Do You Know Who I Am!

Last Saturday, flying my favorite blue and yellow airline to Delhi, I was lucky to get an upgrade. I stretched my legs in the first row, in an attempt to sleep through the take-off and hopefully for a little while longer. I must have fallen asleep when suddenly I was woken up by a loud voice cutting across the cabin. When I looked back, it was some “politician-type” in white and white, shouting at one of the stewards. I couldn’t quite make out what he was saying, but he kept repeating one sentence over and over again. “Do you know who I am?” The steward and the supervisor were unable to calm him, but he finally ran out of steam and stopped shouting. Then in a loud voice, he proclaimed to no one in particular, “You have to teach these people”. During the lunch service, I asked the supervisor what the issue was. Apparently, the “white and white” wanted a non-vegetarian meal. By the time the steward reached him, all the non-vegetarian meals had already been ordered and there was nothing left for him. Therefore, he lost it. Over a measly plate of food! I asked the supervisor, whether she knew who he was. She said “no”.
Obviously. If someone has to shout, “Do you know who I am!”, it is almost certain that the person being asked this question doesn’t have a clue! If you are the type of person who needs to utter this sentence, i.e. if you are a DYKWIA, then rest assured, you are definitely not worth it.
There is a great piece on this subject by Stanley Bing, who pens a column on the last page of Fortune magazine. This has always remained stuck at the back of my mind and I promised myself then, that some day I would write about this. If you read that piece and find some borrowed ideas here, that would be because I completely agree with him.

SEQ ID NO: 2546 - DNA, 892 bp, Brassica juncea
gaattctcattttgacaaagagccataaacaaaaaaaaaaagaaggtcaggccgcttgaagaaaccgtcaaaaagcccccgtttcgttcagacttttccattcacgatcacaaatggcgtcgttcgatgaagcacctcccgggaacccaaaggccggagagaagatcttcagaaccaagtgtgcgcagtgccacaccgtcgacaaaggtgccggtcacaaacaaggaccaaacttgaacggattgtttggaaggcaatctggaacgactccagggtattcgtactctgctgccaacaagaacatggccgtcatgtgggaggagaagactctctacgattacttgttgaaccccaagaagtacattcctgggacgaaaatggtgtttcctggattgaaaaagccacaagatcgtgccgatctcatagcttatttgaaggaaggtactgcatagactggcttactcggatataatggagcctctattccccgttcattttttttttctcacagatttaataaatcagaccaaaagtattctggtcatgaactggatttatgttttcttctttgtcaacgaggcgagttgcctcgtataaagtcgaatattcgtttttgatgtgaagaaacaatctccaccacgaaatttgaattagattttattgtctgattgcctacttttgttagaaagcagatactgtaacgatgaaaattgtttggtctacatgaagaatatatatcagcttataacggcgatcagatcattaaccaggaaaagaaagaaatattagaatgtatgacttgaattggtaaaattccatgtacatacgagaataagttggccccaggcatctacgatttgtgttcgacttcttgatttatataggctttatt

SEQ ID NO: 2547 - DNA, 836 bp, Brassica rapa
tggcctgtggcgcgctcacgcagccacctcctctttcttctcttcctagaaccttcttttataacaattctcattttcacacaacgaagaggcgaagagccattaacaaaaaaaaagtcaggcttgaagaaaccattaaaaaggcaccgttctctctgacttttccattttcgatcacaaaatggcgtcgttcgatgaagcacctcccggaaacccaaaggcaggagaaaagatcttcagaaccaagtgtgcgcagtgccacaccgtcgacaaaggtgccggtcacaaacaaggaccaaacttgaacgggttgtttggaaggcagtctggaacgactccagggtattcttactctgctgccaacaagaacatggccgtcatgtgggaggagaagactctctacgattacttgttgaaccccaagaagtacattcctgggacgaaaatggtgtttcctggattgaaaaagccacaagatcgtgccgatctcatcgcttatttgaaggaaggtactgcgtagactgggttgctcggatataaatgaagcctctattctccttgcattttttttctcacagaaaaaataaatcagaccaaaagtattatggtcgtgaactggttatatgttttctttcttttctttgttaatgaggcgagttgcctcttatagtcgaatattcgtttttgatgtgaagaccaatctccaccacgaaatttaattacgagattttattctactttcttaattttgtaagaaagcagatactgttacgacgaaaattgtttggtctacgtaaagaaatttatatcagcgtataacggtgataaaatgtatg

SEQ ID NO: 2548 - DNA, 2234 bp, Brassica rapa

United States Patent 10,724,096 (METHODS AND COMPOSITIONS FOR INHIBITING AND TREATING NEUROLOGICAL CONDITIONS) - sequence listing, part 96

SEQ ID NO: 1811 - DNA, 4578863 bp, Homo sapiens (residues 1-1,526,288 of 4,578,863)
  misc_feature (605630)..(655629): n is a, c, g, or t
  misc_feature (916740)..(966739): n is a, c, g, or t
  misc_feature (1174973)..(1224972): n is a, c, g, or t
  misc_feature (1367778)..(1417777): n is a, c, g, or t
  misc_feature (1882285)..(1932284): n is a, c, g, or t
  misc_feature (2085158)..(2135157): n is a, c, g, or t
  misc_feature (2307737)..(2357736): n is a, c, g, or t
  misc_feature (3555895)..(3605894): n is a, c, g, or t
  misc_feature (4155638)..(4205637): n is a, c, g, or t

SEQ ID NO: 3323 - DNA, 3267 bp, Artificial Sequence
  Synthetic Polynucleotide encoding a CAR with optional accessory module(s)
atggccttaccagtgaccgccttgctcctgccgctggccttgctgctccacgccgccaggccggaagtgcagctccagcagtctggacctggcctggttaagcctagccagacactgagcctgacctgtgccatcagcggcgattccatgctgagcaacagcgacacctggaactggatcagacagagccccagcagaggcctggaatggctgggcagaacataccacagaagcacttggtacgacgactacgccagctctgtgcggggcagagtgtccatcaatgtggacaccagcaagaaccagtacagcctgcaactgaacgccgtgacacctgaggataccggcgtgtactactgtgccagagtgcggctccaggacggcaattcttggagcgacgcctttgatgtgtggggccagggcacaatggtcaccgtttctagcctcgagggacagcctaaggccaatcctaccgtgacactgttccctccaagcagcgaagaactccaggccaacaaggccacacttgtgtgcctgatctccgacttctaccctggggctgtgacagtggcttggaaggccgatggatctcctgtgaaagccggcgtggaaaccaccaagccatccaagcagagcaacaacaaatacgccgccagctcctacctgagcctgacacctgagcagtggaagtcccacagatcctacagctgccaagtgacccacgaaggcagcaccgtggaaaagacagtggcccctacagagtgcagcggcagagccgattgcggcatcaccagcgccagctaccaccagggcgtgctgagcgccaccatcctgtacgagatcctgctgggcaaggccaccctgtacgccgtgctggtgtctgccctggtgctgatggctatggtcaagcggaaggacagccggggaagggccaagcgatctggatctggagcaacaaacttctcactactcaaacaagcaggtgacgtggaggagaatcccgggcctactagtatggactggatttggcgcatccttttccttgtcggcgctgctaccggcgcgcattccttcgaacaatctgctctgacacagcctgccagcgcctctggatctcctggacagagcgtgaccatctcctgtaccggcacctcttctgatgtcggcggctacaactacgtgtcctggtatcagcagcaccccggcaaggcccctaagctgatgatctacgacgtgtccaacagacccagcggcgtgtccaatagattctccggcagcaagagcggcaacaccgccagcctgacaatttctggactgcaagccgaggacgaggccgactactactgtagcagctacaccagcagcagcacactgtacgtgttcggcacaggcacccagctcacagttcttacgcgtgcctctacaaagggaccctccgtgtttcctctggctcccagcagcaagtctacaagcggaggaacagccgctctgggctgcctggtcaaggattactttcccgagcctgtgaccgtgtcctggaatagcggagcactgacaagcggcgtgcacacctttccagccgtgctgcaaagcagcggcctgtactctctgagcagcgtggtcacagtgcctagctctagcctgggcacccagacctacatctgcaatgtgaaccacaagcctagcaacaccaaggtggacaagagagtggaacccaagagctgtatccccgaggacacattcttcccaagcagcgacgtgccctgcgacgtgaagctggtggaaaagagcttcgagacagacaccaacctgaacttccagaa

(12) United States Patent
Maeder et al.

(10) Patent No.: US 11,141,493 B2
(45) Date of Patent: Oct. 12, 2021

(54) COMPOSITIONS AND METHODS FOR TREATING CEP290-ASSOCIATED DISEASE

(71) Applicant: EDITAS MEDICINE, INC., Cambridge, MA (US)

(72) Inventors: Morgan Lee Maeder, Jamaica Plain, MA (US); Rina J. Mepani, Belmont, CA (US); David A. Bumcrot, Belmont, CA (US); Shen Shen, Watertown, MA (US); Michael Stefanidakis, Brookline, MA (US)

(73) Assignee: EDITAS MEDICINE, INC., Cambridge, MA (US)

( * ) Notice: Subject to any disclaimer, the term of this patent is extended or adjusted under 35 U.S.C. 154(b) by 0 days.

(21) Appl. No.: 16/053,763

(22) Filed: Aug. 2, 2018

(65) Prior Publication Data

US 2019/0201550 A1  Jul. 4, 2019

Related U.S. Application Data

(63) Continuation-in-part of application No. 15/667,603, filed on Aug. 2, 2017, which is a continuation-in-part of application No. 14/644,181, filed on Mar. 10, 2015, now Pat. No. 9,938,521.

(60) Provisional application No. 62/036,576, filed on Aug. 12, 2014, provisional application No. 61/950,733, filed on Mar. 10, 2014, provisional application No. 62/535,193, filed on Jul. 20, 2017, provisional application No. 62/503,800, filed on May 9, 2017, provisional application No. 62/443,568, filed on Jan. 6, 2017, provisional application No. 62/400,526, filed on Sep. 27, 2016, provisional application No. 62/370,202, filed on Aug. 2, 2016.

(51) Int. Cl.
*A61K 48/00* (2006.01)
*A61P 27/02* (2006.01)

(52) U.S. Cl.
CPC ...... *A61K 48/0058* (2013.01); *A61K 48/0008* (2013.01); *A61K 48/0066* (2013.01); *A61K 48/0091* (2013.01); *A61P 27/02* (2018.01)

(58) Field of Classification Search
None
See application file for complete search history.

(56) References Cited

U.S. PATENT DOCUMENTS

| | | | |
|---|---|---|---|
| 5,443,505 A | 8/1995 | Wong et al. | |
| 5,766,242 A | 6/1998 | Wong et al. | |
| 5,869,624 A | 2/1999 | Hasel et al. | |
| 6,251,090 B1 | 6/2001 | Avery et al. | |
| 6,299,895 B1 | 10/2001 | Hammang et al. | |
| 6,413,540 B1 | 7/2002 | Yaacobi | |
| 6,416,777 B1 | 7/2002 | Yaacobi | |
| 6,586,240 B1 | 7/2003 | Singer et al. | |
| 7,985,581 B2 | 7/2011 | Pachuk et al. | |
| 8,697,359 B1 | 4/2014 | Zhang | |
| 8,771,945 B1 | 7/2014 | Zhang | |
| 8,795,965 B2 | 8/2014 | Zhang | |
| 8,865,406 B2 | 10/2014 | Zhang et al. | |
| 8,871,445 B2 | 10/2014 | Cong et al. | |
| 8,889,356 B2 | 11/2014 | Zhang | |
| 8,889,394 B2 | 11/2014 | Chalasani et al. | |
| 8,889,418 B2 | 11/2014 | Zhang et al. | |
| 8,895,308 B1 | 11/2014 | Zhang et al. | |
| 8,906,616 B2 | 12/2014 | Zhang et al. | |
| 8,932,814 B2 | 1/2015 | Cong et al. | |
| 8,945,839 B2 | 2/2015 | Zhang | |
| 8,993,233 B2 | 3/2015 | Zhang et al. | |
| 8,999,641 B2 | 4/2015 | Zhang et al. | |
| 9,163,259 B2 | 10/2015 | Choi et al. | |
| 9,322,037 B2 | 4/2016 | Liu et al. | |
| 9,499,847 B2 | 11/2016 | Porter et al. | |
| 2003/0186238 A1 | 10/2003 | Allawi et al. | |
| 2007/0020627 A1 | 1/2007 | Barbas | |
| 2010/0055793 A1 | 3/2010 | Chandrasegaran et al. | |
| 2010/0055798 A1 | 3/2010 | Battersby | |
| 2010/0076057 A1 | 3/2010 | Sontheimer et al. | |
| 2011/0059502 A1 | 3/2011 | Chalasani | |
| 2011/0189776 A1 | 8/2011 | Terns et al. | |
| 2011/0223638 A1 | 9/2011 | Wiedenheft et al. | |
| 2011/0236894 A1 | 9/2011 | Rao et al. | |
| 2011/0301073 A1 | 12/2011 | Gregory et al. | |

The DYKWIA who says, “Do you know who I am?” or the more colloquial “Saala, tum jaante nahin main kaun hoon?” screws up the situation for everyone, including himself/herself. Since only insecure and self-important puffed-up shirts say this, the moment this sentence is uttered, the people around have already sized up this DYKWIA for what he/she is. The person being told off obviously does not know who the DYKWIA is and then gets badly stuck between the devil and the deep blue sea. He could say “No, I really don’t” and figuratively kill the idiot, but at the risk of getting into some trouble if the DYKWIA escalates this; or he could try and accommodate the DYKWIA, usually over someone else’s head and then risk the ire of that third person who is being passed over. Which means that if the DYKWIA actually gets what he/she is shouting for, the others around the DYKWIA will also make a noise.
Either way, no one really wins.
Imagine if the steward or supervisor had requested someone in the first two rows to give up a non-vegetarian meal in favor of the “white and white”. Someone in the sixth row could have then created a ruckus. This just doesn’t work.
I still think though that the best response to this question, even at the risk of losing one’s job or possible repercussions, should be, “I am sorry, I don’t. Can you please educate me?”. Ninety-nine percent of the times, the DYKWIA will be some inconsequential insect. You can take a chance on the other one percent.

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